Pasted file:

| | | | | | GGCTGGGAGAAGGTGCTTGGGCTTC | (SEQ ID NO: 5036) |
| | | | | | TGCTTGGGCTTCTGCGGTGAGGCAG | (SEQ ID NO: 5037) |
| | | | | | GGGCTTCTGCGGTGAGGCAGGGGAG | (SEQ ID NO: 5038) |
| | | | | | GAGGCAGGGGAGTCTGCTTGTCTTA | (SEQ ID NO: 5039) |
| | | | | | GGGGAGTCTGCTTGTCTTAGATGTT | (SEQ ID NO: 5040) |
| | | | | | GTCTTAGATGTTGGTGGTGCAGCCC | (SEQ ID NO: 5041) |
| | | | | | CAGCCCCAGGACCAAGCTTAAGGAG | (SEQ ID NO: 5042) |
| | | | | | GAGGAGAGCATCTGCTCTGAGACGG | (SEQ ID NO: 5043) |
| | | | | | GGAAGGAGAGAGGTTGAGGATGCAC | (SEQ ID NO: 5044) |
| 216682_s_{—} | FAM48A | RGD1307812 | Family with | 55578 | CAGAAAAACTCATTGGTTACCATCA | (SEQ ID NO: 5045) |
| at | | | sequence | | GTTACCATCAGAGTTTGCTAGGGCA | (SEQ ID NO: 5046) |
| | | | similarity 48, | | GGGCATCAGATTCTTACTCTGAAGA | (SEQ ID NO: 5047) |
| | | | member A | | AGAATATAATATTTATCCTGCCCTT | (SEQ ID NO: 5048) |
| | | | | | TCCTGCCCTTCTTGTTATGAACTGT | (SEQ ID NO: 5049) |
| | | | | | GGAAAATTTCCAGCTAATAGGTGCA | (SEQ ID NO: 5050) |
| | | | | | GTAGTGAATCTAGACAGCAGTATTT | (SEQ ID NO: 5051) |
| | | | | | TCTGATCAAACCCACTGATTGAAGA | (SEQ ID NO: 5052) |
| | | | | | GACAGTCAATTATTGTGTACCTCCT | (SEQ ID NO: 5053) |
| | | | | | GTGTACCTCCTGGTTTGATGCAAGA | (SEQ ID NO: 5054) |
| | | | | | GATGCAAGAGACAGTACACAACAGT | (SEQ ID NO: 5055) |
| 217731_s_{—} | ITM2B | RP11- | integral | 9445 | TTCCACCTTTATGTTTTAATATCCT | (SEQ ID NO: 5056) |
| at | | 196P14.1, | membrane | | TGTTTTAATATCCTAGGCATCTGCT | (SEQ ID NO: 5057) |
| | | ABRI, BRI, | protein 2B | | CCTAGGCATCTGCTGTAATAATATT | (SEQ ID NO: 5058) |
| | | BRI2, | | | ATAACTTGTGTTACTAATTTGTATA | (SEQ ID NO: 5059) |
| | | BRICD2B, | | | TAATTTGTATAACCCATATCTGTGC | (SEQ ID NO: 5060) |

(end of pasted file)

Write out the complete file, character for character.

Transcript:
| | | | | | GGCTGGGAGAAGGTGCTTGGGCTTC | (SEQ ID NO: 5036) |
| | | | | | TGCTTGGGCTTCTGCGGTGAGGCAG | (SEQ ID NO: 5037) |
| | | | | | GGGCTTCTGCGGTGAGGCAGGGGAG | (SEQ ID NO: 5038) |
| | | | | | GAGGCAGGGGAGTCTGCTTGTCTTA | (SEQ ID NO: 5039) |
| | | | | | GGGGAGTCTGCTTGTCTTAGATGTT | (SEQ ID NO: 5040) |
| | | | | | GTCTTAGATGTTGGTGGTGCAGCCC | (SEQ ID NO: 5041) |
| | | | | | CAGCCCCAGGACCAAGCTTAAGGAG | (SEQ ID NO: 5042) |
| | | | | | GAGGAGAGCATCTGCTCTGAGACGG | (SEQ ID NO: 5043) |
| | | | | | GGAAGGAGAGAGGTTGAGGATGCAC | (SEQ ID NO: 5044) |
| 216682_s_{—} | FAM48A | RGD1307812 | Family with | 55578 | CAGAAAAACTCATTGGTTACCATCA | (SEQ ID NO: 5045) |
| at | | | sequence | | GTTACCATCAGAGTTTGCTAGGGCA | (SEQ ID NO: 5046) |
| | | | similarity 48, | | GGGCATCAGATTCTTACTCTGAAGA | (SEQ ID NO: 5047) |
| | | | member A | | AGAATATAATATTTATCCTGCCCTT | (SEQ ID NO: 5048) |
| | | | | | TCCTGCCCTTCTTGTTATGAACTGT | (SEQ ID NO: 5049) |
| | | | | | GGAAAATTTCCAGCTAATAGGTGCA | (SEQ ID NO: 5050) |
| | | | | | GTAGTGAATCTAGACAGCAGTATTT | (SEQ ID NO: 5051) |
| | | | | | TCTGATCAAACCCACTGATTGAAGA | (SEQ ID NO: 5052) |
| | | | | | GACAGTCAATTATTGTGTACCTCCT | (SEQ ID NO: 5053) |
| | | | | | GTGTACCTCCTGGTTTGATGCAAGA | (SEQ ID NO: 5054) |
| | | | | | GATGCAAGAGACAGTACACAACAGT | (SEQ ID NO: 5055) |
| 217731_s_{—} | ITM2B | RP11- | integral | 9445 | TTCCACCTTTATGTTTTAATATCCT | (SEQ ID NO: 5056) |
| at | | 196P14.1, | membrane | | TGTTTTAATATCCTAGGCATCTGCT | (SEQ ID NO: 5057) |
| | | ABRI, BRI, | protein 2B | | CCTAGGCATCTGCTGTAATAATATT | (SEQ ID NO: 5058) |
| | | BRI2, | | | ATAACTTGTGTTACTAATTTGTATA | (SEQ ID NO: 5059) |
| | | BRICD2B, | | | TAATTTGTATAACCCATATCTGTGC | (SEQ ID NO: 5060) |